The NCSA is replacing our newsletter with a blog! We seek news of members’ publications/honors, book/exhibition reviews research tips, teaching ideas, other web-based resources, conferences, job openings, CFPs etc. Our members study and teach a broad array of disciplines in the long and international nineteenth century, including history, literature, art history, music, and architecture.
To kick off the blog, I would like to introduce my favorite web-based teaching resource: Dickens Journals Online. I use this website in teaching the British literature survey 1789-1925. My students read Elizabeth Gaskell’s Cranford in serial parts over several weeks in the journal Household Words. All episodes are digitized on the website. Here’s the first episode, 13 December 1851.
Teaching periodical context: on the Dickens Journals Online website, my students also read through several entire issues of Household Words, report on the contents, and eventually write a periodical context paper. While I still teach students to use the microfilm of Household Words in our university library: most choose to use the DJO site.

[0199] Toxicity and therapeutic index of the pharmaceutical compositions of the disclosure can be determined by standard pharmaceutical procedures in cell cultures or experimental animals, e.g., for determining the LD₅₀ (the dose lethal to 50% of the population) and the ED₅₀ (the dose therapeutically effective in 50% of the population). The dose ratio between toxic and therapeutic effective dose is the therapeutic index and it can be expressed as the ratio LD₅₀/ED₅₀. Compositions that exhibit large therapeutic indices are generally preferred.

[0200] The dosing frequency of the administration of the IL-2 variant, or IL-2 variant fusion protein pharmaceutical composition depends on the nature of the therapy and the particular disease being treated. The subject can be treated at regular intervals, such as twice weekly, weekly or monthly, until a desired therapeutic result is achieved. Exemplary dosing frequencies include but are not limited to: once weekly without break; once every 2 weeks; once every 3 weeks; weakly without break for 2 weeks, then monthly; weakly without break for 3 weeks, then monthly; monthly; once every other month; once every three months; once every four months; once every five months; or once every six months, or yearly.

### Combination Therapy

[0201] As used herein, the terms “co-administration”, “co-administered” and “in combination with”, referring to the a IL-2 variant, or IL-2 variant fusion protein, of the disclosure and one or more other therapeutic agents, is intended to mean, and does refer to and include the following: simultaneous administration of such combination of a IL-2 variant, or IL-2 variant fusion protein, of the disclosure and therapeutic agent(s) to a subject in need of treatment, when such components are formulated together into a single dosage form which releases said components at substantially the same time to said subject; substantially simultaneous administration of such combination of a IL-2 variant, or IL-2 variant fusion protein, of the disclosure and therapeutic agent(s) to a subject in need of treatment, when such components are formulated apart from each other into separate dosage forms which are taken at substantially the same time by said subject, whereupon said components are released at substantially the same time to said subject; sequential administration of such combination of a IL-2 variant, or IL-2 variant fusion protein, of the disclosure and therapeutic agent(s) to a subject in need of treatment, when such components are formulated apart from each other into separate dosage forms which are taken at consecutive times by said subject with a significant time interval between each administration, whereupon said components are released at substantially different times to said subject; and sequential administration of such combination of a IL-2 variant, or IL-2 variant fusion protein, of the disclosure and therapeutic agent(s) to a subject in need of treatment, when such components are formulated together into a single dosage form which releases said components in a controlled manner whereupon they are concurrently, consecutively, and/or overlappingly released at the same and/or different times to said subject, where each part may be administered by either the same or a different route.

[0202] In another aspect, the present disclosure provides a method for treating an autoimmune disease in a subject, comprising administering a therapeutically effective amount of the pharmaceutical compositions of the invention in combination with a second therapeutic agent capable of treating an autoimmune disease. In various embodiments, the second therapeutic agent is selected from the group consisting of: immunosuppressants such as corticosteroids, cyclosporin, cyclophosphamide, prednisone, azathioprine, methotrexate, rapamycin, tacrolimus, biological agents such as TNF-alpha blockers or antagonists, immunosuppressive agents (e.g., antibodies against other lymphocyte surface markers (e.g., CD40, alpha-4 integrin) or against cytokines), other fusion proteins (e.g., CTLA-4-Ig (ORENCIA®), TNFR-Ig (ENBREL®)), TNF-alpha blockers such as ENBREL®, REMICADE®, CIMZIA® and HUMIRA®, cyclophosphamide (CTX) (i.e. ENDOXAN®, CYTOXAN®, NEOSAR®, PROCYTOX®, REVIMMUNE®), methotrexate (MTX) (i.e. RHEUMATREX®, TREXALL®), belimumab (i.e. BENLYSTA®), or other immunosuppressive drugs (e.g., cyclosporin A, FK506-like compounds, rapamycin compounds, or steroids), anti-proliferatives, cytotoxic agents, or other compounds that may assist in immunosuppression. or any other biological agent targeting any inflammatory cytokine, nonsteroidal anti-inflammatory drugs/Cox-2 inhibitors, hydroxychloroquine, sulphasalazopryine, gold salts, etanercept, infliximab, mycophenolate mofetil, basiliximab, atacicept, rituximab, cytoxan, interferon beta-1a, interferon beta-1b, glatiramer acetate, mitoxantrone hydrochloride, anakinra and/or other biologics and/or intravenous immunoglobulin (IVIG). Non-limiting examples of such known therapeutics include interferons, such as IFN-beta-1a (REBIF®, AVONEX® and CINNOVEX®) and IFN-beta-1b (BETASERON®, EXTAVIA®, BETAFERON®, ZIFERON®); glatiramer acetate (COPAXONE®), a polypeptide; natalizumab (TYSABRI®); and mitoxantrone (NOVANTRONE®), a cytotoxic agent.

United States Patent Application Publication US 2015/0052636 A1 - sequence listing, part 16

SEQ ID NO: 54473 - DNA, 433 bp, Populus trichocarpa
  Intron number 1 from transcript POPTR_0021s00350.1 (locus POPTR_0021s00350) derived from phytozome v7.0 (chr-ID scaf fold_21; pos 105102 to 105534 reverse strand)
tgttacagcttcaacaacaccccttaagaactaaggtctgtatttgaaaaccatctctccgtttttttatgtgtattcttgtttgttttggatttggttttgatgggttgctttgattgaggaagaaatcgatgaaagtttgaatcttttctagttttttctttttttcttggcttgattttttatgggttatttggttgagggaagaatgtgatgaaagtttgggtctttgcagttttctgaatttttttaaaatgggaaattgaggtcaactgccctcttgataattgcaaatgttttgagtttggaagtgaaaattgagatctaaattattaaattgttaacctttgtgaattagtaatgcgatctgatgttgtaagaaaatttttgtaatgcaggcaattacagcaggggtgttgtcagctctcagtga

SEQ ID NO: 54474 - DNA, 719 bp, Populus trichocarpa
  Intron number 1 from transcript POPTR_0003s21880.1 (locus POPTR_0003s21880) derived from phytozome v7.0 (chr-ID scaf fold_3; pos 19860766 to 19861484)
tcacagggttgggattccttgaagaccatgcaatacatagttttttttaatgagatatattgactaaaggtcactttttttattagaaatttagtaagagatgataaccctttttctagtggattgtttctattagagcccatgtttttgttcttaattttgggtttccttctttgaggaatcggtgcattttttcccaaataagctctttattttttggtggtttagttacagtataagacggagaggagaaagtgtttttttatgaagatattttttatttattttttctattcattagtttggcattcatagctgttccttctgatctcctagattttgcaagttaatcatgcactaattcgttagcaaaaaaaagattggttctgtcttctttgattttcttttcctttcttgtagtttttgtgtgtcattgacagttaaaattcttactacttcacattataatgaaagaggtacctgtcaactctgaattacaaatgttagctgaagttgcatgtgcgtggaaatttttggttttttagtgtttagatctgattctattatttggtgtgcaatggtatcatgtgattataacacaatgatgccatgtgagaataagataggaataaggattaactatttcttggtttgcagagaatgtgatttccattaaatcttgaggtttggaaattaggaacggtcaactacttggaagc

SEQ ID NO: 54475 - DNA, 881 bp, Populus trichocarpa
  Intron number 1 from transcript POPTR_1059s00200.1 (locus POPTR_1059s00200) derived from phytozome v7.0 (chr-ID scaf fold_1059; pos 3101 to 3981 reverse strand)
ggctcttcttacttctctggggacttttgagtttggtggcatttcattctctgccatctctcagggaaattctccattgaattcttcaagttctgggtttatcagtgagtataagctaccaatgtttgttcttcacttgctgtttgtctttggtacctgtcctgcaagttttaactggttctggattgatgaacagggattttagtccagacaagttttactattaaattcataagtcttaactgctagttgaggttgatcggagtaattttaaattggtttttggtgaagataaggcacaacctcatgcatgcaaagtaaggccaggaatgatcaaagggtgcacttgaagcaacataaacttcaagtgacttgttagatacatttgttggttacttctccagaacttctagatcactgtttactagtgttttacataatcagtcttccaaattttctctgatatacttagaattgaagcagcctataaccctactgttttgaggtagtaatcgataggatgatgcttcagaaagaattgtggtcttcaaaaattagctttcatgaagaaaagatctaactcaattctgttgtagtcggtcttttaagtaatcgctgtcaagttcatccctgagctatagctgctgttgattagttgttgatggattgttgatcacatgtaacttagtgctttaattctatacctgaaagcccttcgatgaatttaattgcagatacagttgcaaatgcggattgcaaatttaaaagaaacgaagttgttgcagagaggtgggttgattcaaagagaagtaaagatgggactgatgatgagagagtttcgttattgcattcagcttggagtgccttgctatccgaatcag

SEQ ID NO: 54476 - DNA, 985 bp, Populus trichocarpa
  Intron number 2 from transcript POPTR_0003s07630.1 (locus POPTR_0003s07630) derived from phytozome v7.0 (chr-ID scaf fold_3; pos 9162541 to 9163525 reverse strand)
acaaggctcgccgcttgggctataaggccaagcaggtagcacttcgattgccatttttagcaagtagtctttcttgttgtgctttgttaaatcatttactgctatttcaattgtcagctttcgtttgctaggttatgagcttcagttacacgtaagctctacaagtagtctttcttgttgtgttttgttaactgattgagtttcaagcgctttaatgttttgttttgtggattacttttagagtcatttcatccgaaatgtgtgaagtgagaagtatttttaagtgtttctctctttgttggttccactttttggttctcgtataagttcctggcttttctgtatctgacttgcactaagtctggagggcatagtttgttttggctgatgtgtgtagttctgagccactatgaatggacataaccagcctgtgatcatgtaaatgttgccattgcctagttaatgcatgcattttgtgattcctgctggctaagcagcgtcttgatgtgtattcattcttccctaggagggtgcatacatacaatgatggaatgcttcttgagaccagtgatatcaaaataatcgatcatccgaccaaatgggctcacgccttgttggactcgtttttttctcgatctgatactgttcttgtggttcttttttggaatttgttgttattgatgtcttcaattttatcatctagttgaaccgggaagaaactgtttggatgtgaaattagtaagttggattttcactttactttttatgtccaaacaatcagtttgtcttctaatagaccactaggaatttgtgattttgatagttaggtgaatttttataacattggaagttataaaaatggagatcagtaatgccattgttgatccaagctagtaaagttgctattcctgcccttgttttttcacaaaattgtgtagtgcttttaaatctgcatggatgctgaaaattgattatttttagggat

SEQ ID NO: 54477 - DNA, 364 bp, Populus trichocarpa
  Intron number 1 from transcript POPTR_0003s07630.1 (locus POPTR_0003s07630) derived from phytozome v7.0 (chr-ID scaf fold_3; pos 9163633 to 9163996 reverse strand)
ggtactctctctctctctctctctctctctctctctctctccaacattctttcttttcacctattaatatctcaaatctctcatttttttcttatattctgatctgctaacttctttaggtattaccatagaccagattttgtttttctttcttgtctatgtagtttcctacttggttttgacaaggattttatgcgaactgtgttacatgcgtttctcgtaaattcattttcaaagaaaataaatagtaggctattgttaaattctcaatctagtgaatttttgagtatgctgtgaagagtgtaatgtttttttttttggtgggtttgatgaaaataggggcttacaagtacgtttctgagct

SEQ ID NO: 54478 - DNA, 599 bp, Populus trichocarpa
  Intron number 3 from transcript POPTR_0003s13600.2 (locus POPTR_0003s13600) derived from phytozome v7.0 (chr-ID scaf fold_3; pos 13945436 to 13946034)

Navigating the DJO site is easy; extensive indexes include contents of each issue, all linked to the specific texts. It’s easy to follow a theme or subject: nature, travel, education, for example, or to look specifically for fiction or poetry or works by specific authors. Scholars interested in nearly any subject in mid to end of nineteenth-century Britain will find valuable primary sources both for themselves and for students.
It’s your turn: what websites do you use in teaching nineteenth-century studies courses? And why? Please post comments and links about that and your ideas for blog posts! -– For NCSA’s web committee: Deborah Maltby, associate teaching professor of English, University of Missouri-St. Louis email@example.com.